In recent years, Premier League fans have become accustomed to the division’s top clubs enjoying carte blanche over its rising stars.
Even those daring to insinuate greater loyalty than Liverpool’s Steven Gerrard turn into tantruming, spineless prima-donnas the moment a Chelsea, Manchester City or Manchester United waves a triple-figure weekly salary beneath their nose. It’s especially the case with home-grown players who, through no genuine fault of their own, attract amongst the biggest transfer fees and wage packages in the Premier League due to the quota-driven demands of the modern transfer market.
Defying that stereotype, however, is Everton defender John Stones, who proved amid quite the recruitment drive from Premier League champions Chelsea that young English footballers don’t necessarily have to let inevitable ambition eat away at their professionalism.
Indeed, the Blues launched three separate bids for the England international, deemed the natural successor to struggling skipper John Terry, the last and most lucrative being worth a whopping £30million. And the Blues’ campaign to snap up Stones didn’t stop there; Terry, Gary Cahill and Jose Mourinho all breached Premier League rules by openly discussing the west London outfit’s pursuit of the 21 year-old, not so subtly attempting to publicly convince him into a Stamford Bridge switch – or at the very least, start making the situation as difficult for Everton as possible.
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Stones made his feelings known after Chelsea’s third bid, handing in a transfer request at Goodison Park. But the difference between the 6 foot 2 centre-half and other Premier League prospects who have found themselves taking the same course of action in recent years is that he successfully separated it from Everton’s efforts on the pitch.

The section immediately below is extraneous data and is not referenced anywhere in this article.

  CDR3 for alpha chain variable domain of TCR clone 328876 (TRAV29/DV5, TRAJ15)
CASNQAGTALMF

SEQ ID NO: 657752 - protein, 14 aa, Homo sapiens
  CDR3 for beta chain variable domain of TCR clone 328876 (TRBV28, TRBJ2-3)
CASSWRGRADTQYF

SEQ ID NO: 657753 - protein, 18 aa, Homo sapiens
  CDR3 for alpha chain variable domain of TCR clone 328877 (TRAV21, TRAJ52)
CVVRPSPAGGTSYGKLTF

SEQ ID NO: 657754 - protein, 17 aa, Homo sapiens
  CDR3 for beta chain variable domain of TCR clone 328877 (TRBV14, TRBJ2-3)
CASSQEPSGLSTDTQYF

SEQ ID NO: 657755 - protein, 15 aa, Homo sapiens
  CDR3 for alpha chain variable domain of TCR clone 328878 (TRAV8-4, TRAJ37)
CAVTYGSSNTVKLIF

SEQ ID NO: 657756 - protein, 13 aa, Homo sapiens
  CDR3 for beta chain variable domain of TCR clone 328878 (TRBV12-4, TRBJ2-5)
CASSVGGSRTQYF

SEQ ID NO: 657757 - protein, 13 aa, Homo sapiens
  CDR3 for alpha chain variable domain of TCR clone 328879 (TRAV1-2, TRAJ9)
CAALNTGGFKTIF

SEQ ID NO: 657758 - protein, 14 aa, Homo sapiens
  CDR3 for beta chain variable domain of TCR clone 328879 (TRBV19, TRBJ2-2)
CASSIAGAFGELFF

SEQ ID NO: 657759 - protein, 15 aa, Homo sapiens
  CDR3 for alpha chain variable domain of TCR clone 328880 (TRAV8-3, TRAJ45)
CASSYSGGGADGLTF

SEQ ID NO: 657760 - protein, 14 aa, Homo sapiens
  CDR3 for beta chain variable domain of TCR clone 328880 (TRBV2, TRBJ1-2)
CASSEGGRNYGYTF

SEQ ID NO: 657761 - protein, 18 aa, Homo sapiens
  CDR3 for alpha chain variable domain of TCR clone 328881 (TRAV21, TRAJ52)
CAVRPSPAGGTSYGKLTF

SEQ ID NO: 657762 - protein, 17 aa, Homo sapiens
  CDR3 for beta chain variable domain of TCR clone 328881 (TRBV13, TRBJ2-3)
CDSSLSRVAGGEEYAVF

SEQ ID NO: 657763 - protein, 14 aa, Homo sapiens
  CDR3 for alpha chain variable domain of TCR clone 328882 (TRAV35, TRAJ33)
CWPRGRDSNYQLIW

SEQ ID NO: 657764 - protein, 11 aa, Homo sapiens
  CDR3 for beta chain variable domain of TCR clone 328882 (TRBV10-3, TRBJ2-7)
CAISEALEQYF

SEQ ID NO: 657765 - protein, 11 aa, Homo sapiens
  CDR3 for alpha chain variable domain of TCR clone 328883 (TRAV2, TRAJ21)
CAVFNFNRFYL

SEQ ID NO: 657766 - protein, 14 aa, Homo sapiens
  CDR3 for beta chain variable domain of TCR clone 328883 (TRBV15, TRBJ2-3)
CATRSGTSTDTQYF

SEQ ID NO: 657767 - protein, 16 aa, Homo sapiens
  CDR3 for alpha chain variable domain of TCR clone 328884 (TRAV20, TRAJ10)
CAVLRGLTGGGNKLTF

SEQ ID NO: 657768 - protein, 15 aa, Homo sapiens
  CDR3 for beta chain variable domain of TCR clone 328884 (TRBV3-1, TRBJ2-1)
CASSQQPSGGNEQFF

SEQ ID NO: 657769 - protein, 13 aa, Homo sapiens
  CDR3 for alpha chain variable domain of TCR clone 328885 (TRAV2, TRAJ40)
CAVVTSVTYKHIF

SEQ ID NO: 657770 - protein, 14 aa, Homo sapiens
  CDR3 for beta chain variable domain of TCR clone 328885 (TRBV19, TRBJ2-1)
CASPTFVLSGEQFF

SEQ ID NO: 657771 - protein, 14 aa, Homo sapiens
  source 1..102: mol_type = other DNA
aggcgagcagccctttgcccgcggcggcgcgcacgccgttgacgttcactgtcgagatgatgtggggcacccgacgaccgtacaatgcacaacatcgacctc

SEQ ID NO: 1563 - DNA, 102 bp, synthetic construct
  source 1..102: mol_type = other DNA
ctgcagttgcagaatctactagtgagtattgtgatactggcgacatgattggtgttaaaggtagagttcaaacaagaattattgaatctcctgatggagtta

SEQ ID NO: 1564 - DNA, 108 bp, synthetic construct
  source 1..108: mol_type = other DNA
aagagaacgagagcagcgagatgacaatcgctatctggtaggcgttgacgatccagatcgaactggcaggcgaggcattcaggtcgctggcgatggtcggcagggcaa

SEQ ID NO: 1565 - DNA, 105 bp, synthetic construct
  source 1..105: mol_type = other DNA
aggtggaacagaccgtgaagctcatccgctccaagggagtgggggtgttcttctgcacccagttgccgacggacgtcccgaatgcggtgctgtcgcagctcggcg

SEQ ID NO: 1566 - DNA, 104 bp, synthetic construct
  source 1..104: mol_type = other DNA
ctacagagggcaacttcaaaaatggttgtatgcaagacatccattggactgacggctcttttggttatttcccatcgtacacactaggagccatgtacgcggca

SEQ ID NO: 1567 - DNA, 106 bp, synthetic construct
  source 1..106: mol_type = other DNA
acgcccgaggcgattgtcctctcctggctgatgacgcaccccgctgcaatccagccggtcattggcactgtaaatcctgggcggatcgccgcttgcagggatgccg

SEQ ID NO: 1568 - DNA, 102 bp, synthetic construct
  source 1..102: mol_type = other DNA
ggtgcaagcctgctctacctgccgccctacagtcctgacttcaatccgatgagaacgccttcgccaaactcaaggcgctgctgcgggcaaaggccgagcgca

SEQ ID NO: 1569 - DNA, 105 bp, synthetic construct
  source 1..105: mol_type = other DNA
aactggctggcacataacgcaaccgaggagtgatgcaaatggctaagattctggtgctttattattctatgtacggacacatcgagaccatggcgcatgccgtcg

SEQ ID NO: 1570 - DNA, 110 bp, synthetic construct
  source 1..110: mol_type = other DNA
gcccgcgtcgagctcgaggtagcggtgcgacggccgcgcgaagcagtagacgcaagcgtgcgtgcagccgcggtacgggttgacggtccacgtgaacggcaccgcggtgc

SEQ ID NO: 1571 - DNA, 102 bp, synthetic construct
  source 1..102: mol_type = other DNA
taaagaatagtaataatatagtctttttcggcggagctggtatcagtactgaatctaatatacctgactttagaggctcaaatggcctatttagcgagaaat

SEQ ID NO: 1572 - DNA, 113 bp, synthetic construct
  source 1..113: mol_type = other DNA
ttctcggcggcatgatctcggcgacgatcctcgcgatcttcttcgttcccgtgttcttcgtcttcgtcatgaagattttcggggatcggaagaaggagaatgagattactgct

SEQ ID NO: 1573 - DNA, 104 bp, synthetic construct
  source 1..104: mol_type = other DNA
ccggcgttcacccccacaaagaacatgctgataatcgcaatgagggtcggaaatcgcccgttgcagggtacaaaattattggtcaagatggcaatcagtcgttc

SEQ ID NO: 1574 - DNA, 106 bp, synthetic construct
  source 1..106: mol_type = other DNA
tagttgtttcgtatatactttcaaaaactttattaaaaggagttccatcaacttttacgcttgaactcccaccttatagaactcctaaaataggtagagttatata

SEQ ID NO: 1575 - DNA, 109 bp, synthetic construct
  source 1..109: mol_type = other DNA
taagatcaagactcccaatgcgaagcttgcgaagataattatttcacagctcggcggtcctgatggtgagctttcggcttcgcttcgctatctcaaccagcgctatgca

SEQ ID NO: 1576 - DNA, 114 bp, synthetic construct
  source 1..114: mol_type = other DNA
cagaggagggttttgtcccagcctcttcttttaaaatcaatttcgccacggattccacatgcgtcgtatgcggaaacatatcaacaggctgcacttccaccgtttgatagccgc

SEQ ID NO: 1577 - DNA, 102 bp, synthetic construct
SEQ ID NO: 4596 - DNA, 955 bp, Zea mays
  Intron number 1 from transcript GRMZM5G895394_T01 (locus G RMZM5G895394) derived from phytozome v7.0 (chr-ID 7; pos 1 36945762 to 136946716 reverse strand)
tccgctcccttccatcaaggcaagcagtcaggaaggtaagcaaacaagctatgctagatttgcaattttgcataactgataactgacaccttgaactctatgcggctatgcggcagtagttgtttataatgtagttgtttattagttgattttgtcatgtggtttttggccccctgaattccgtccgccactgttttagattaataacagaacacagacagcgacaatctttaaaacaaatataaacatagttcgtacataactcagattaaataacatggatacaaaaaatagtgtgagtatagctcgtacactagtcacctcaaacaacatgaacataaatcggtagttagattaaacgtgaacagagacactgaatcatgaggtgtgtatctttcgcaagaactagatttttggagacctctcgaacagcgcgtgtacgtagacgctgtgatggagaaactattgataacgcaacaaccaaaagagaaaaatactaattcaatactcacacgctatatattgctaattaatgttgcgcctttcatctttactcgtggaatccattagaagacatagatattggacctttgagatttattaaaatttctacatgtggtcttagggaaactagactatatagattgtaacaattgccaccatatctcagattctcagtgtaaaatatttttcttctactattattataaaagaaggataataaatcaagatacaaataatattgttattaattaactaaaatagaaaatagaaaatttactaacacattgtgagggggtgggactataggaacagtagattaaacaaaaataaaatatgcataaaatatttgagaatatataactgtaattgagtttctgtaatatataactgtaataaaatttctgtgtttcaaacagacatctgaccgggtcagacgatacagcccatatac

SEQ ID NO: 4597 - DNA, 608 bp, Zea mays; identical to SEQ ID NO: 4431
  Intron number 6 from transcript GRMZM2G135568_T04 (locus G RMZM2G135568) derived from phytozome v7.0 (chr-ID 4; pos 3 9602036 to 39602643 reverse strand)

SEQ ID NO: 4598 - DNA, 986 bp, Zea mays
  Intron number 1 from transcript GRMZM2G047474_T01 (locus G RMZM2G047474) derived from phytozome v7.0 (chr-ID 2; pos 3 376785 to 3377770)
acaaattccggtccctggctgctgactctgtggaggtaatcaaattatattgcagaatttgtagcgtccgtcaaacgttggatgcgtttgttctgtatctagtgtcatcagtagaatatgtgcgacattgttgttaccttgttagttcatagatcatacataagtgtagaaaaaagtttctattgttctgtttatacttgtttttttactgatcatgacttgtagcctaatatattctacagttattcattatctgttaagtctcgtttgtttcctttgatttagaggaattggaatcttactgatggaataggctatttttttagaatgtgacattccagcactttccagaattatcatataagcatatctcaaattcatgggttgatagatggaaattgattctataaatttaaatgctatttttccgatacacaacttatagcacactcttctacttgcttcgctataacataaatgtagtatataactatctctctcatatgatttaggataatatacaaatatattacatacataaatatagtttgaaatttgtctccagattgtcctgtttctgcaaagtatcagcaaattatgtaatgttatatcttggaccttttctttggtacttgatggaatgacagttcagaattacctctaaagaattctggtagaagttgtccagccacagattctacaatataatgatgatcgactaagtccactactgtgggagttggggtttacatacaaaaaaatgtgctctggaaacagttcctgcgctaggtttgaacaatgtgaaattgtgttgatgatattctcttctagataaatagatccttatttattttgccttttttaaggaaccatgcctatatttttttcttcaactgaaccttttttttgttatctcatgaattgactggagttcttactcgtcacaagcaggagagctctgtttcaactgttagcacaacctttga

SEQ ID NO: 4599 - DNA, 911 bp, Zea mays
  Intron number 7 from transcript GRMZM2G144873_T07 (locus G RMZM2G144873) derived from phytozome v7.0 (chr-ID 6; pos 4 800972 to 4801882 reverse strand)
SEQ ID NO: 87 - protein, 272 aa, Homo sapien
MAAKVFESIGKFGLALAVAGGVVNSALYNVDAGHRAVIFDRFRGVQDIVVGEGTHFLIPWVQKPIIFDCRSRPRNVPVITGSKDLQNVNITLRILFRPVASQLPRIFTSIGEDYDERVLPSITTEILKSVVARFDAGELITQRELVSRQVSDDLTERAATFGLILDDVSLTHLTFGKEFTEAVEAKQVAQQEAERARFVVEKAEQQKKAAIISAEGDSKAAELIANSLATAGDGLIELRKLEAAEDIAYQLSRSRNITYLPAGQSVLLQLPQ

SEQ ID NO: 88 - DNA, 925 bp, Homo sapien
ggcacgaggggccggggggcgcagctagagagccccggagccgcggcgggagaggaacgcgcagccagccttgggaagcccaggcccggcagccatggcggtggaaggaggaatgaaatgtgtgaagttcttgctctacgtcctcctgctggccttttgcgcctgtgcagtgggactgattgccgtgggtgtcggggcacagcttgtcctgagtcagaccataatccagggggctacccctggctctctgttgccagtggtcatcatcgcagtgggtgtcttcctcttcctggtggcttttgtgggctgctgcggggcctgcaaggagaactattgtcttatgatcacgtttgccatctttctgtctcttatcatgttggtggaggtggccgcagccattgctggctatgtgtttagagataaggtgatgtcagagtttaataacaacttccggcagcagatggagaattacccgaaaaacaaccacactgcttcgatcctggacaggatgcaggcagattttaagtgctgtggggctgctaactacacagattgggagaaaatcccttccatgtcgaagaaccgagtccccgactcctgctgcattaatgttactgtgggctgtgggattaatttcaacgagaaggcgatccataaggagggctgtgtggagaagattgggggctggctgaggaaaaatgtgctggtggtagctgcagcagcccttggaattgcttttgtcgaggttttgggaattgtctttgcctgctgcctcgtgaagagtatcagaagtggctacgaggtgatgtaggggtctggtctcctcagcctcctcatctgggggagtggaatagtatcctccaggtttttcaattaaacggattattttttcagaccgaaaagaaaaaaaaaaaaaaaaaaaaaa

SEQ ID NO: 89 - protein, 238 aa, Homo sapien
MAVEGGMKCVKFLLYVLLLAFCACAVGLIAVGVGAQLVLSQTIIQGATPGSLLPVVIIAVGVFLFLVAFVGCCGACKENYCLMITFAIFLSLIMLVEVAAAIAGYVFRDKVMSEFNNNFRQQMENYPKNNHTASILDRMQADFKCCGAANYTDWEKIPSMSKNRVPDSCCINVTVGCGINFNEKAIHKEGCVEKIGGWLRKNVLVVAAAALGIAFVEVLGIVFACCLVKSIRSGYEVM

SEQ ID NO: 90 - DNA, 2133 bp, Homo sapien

Take West Bromwich Albion’s Saido Berahino, for example, who is now essentially on strike at the Hawthorns after his deadline day move to Tottenham Hotspur collapsed. He immediately took to Twitter to vent his frustrations, claiming he’d never play for the club under chairman Jeremy Peace again. Likewise, although Raheem Sterling continued to feature for Liverpool regularly after it was revealed that he’d refused to extend his contract past 2017, his performance levels dropped to almost incomparable levels; scoring only thrice in the Premier League after the close of the January window and just once in the six appearances following his infamous interview with BBC Sport.
Stones, on the other hand, played 120 minutes for Everton in the Capital One Cup the day after handing in his transfer request and helped them claim a clean sheet against Tottenham Hotspur the following Saturday, despite being informed he wouldn’t be allowed to leave the club with just three days of the summer window remaining. There was no strike, no threat of passive resistance, no public demand of his relinquishment; the Three Lions prodigy simply accepted the decision of his employers and continued performing his job to the impeccable standards he’s set over the last two seasons.
It’s an invaluable lesson for the many young Englishmen who the Premier League’s top clubs will attempt to cast in their nets over the next few years. Although every footballer is ambitious by nature and determined to reach the highest, most competitive level possible, you don’t have to prove it by burning bridges and turning on those who provided the platform to impress.
It also speaks volumes about Stones’ character, suggesting he possesses the temperament to separate on and off field issues in spite of the media frenzy that ensued during the final weeks of the transfer window. Unfortunately for Everton, that may have convinced even more top clubs that the 21-year-old has what it takes to become one of England’s and the Premier League’s biggest stars.